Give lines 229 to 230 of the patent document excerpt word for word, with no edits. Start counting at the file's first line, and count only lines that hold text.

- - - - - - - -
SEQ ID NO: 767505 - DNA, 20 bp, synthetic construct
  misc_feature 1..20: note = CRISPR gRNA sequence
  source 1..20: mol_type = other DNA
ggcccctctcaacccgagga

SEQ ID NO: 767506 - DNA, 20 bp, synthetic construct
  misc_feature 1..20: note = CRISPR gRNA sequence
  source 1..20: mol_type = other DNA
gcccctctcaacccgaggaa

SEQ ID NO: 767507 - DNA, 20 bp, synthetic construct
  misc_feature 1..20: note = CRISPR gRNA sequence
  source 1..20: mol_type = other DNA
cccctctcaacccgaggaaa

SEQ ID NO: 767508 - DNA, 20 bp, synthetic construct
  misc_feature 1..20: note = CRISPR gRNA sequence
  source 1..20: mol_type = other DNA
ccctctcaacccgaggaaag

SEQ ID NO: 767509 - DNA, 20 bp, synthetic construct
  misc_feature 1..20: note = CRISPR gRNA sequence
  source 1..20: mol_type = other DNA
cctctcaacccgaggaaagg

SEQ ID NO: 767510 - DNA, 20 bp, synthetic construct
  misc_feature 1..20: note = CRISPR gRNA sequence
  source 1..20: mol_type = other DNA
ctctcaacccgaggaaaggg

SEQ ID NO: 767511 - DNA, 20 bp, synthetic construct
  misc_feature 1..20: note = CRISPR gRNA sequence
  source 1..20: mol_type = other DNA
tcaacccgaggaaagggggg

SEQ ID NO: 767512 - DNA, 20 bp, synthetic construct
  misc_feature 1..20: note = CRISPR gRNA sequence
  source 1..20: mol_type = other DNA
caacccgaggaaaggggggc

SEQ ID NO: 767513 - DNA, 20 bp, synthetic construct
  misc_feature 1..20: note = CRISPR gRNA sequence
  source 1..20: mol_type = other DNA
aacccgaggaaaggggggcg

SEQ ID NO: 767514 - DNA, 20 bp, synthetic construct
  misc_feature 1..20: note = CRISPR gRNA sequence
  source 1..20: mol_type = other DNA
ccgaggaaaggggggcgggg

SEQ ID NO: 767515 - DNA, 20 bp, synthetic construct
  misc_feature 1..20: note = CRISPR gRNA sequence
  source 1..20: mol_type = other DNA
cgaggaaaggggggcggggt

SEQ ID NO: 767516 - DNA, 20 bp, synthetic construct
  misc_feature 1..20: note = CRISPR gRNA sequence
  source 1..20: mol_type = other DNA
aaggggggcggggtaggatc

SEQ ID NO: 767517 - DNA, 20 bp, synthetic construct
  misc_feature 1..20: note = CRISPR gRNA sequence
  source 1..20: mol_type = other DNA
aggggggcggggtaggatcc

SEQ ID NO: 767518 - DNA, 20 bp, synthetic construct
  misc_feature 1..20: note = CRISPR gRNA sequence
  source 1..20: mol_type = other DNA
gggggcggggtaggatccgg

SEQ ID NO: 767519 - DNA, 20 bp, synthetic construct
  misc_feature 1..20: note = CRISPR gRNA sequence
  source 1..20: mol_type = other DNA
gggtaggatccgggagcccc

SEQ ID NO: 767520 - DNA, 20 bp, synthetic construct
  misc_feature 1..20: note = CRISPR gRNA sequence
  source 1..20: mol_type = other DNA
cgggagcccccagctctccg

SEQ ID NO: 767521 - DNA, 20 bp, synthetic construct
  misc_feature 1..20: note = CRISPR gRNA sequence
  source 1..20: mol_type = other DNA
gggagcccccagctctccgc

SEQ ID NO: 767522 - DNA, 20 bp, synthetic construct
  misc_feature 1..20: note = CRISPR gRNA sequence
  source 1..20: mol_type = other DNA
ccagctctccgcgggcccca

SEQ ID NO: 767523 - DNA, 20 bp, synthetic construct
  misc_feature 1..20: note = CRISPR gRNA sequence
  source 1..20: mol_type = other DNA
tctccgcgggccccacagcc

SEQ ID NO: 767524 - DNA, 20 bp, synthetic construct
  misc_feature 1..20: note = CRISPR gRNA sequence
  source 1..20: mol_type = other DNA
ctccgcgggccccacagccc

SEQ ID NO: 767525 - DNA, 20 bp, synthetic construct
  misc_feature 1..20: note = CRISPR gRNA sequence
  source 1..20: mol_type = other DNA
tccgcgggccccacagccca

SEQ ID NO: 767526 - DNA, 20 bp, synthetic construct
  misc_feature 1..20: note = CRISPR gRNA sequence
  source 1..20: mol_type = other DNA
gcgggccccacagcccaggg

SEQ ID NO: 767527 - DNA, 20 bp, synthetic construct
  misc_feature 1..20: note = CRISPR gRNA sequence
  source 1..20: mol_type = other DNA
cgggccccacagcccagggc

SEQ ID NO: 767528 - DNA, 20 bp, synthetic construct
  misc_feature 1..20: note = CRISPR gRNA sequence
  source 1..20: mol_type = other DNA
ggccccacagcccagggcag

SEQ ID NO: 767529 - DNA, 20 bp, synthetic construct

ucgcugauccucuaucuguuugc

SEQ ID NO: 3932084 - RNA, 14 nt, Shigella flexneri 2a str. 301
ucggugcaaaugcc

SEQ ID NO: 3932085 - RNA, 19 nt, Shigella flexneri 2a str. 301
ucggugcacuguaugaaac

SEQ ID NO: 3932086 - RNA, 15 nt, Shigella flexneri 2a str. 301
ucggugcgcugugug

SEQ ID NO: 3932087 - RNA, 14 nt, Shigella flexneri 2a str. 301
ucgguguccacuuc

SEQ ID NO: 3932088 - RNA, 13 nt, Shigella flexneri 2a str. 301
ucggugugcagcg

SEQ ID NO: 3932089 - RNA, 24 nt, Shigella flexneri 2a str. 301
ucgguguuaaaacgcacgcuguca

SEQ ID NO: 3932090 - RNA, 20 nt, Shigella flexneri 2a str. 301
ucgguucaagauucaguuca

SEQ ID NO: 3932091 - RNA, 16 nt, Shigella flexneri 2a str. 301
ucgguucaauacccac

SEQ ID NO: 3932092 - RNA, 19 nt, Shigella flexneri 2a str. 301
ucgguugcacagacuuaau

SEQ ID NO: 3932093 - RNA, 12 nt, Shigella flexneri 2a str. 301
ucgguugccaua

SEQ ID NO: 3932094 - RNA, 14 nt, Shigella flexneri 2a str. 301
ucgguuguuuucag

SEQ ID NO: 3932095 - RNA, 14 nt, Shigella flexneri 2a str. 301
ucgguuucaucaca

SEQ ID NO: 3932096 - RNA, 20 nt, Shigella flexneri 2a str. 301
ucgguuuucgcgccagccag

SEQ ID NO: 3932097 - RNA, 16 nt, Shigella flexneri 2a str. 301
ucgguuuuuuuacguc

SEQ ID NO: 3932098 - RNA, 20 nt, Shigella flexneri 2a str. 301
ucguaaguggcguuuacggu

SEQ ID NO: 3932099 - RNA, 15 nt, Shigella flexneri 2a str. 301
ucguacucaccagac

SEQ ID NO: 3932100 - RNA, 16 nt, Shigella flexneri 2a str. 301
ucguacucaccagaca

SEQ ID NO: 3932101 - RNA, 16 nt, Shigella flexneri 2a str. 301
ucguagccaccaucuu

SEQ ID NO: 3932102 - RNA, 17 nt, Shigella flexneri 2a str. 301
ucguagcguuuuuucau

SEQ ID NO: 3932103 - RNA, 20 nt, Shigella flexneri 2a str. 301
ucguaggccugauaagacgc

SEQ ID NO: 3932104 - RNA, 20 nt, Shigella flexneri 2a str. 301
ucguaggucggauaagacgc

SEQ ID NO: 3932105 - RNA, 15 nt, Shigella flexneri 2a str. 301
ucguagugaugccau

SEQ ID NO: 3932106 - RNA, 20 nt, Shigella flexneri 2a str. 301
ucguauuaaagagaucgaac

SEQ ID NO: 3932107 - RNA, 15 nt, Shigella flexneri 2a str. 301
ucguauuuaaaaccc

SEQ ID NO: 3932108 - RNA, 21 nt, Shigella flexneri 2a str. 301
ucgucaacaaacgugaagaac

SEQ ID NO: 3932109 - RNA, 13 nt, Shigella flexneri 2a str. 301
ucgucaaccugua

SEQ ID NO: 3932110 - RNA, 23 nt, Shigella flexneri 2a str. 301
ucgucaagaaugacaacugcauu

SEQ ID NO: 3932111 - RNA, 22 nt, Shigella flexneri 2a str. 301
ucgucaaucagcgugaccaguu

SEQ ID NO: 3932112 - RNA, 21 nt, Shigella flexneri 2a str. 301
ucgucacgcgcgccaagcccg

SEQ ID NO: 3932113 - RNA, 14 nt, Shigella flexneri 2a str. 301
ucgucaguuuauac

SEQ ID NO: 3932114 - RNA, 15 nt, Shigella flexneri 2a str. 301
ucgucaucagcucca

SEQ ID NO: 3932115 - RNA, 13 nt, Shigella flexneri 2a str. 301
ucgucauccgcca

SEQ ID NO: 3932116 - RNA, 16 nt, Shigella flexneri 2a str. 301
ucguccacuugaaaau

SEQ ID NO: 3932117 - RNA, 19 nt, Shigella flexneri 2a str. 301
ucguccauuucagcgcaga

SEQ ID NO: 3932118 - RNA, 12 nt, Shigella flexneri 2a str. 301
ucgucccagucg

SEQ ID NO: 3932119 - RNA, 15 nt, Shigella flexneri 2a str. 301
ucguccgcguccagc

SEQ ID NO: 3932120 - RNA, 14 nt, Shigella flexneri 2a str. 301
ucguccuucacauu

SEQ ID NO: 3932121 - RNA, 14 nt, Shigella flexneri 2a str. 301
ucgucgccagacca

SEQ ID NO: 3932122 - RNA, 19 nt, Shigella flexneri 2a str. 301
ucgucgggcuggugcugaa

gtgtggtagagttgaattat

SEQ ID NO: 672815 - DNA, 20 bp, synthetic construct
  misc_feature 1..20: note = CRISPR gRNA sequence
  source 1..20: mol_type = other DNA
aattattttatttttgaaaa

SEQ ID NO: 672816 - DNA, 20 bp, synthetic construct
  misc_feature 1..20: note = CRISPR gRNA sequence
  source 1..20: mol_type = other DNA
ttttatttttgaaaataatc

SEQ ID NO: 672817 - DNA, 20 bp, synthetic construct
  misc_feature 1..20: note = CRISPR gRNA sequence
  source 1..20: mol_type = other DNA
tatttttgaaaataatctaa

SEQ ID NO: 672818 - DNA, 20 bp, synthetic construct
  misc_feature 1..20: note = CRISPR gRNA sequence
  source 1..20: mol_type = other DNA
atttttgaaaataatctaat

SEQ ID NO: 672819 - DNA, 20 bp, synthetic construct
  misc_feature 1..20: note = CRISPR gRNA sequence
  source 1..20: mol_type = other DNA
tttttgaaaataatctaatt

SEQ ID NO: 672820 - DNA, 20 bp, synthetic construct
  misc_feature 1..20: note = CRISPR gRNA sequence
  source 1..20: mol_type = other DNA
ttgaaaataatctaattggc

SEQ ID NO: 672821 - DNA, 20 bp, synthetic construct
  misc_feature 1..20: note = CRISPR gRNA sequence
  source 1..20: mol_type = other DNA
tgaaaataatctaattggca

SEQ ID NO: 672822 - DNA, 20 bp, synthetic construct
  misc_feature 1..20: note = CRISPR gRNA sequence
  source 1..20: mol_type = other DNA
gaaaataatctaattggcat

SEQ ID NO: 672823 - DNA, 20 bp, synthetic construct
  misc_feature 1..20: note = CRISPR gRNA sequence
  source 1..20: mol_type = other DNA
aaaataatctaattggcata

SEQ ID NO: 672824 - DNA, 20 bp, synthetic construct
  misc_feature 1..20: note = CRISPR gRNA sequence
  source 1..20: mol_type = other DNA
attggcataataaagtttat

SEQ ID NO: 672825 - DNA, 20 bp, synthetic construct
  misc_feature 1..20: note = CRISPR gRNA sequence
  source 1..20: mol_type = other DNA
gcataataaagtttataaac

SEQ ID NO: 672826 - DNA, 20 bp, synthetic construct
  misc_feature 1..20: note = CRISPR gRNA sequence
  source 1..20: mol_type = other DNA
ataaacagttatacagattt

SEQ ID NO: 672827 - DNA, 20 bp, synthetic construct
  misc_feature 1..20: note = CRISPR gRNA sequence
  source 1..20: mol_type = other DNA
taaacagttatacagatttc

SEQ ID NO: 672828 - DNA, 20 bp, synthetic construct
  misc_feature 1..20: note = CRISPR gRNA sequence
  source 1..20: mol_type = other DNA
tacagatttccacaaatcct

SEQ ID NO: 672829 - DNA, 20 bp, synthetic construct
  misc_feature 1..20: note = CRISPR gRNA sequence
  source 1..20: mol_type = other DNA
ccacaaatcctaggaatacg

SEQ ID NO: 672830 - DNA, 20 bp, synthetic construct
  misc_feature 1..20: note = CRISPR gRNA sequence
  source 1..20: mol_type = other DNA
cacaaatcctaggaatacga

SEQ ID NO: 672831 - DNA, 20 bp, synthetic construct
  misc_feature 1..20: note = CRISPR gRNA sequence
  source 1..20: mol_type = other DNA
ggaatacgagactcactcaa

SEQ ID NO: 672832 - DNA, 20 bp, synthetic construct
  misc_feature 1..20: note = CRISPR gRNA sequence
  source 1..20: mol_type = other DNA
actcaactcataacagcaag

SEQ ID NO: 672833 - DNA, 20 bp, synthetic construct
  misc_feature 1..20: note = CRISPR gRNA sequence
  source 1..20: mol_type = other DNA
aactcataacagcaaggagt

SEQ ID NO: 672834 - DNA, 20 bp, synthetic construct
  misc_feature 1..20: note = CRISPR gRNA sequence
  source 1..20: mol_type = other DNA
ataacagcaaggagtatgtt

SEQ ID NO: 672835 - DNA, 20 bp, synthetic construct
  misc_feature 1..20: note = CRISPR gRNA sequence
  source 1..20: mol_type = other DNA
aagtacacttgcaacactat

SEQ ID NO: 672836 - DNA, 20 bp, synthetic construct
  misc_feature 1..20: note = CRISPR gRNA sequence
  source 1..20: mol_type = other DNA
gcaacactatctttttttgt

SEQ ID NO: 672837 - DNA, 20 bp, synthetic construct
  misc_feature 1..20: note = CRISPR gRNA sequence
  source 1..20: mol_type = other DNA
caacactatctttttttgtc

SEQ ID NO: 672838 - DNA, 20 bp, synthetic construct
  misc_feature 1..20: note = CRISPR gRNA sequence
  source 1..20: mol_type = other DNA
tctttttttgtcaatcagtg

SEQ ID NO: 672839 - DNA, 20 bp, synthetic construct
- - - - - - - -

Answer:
taaacagttatacagatttc

SEQ ID NO: 672828 - DNA, 20 bp, synthetic construct